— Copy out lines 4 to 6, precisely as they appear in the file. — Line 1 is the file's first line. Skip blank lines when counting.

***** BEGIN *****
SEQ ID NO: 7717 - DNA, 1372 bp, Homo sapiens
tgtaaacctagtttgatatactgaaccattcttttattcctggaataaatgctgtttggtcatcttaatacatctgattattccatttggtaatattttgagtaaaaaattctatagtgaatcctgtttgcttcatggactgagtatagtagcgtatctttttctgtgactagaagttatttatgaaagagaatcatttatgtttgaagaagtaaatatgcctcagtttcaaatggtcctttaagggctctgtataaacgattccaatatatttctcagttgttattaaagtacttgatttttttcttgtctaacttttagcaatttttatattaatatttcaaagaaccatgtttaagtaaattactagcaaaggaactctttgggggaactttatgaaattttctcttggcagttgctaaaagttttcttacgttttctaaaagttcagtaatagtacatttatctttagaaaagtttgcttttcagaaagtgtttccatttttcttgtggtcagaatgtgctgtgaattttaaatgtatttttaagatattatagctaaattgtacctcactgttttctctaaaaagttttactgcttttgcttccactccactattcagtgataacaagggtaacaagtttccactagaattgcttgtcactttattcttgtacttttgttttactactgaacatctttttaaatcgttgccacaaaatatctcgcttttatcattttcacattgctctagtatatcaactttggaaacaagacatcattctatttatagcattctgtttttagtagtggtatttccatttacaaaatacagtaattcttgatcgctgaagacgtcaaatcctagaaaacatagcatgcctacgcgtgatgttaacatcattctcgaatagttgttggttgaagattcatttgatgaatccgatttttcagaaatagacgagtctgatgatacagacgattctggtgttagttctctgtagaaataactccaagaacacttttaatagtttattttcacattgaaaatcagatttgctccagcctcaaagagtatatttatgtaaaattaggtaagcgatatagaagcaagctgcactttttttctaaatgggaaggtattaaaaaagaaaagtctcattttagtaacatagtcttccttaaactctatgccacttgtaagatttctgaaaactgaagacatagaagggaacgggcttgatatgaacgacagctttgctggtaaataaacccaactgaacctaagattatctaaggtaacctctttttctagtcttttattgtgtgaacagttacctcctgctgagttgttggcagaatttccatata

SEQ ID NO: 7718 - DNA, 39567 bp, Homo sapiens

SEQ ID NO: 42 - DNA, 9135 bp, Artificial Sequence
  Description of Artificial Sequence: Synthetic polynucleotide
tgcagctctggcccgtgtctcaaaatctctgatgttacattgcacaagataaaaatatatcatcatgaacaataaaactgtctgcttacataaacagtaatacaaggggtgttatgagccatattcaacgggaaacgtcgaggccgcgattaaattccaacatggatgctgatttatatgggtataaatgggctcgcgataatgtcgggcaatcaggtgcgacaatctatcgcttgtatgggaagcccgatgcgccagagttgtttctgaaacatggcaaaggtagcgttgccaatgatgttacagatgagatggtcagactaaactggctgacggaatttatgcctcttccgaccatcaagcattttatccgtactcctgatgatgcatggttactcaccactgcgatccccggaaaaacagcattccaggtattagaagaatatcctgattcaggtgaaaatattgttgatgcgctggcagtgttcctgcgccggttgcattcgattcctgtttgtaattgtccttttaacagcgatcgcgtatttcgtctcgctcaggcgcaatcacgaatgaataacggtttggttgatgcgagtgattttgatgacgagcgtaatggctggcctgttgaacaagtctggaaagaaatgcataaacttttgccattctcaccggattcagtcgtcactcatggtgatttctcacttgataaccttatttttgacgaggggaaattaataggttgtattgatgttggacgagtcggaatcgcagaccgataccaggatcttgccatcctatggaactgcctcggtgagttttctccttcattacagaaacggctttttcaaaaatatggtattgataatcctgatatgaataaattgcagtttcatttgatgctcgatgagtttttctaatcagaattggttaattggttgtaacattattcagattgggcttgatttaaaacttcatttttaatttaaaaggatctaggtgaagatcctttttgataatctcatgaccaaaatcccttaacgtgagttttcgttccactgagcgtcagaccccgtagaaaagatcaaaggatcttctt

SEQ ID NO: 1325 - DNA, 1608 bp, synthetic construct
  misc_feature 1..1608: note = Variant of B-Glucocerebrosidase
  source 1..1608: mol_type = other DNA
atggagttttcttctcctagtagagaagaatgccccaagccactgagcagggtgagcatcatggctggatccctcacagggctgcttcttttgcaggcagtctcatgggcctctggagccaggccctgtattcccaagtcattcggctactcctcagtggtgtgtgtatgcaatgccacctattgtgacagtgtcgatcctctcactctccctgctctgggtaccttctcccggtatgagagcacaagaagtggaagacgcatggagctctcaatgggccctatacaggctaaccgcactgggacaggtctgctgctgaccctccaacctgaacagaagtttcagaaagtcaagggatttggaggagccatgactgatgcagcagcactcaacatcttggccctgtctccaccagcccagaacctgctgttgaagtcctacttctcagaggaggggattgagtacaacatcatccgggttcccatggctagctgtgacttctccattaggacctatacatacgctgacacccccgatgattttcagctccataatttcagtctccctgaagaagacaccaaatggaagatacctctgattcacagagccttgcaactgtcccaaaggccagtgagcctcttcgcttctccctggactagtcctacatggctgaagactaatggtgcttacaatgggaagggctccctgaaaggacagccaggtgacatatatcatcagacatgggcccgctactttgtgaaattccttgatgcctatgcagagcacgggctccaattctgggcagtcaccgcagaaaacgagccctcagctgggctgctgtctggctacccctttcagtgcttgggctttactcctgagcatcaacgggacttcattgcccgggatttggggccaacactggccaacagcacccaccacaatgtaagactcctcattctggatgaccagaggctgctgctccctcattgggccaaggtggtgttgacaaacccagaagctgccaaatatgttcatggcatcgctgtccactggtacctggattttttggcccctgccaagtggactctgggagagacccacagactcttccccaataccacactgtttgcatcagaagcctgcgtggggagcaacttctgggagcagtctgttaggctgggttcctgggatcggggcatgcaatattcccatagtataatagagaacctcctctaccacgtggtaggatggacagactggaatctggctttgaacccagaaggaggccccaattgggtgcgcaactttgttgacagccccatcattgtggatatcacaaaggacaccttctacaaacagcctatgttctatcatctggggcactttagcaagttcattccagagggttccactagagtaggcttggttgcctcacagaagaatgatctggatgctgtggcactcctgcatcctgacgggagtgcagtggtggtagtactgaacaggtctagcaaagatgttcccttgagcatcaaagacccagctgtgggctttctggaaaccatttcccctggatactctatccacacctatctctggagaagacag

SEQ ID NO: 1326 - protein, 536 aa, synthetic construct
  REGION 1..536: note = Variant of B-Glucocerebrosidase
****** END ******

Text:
SEQ ID NO: 42 - DNA, 9135 bp, Artificial Sequence
  Description of Artificial Sequence: Synthetic polynucleotide
tgcagctctggcccgtgtctcaaaatctctgatgttacattgcacaagataaaaatatatcatcatgaacaataaaactgtctgcttacataaacagtaatacaaggggtgttatgagccatattcaacgggaaacgtcgaggccgcgattaaattccaacatggatgctgatttatatgggtataaatgggctcgcgataatgtcgggcaatcaggtgcgacaatctatcgcttgtatgggaagcccgatgcgccagagttgtttctgaaacatggcaaaggtagcgttgccaatgatgttacagatgagatggtcagactaaactggctgacggaatttatgcctcttccgaccatcaagcattttatccgtactcctgatgatgcatggttactcaccactgcgatccccggaaaaacagcattccaggtattagaagaatatcctgattcaggtgaaaatattgttgatgcgctggcagtgttcctgcgccggttgcattcgattcctgtttgtaattgtccttttaacagcgatcgcgtatttcgtctcgctcaggcgcaatcacgaatgaataacggtttggttgatgcgagtgattttgatgacgagcgtaatggctggcctgttgaacaagtctggaaagaaatgcataaacttttgccattctcaccggattcagtcgtcactcatggtgatttctcacttgataaccttatttttgacgaggggaaattaataggttgtattgatgttggacgagtcggaatcgcagaccgataccaggatcttgccatcctatggaactgcctcggtgagttttctccttcattacagaaacggctttttcaaaaatatggtattgataatcctgatatgaataaattgcagtttcatttgatgctcgatgagtttttctaatcagaattggttaattggttgtaacattattcagattgggcttgatttaaaacttcatttttaatttaaaaggatctaggtgaagatcctttttgataatctcatgaccaaaatcccttaacgtgagttttcgttccactgagcgtcagaccccgtagaaaagatcaaaggatcttctt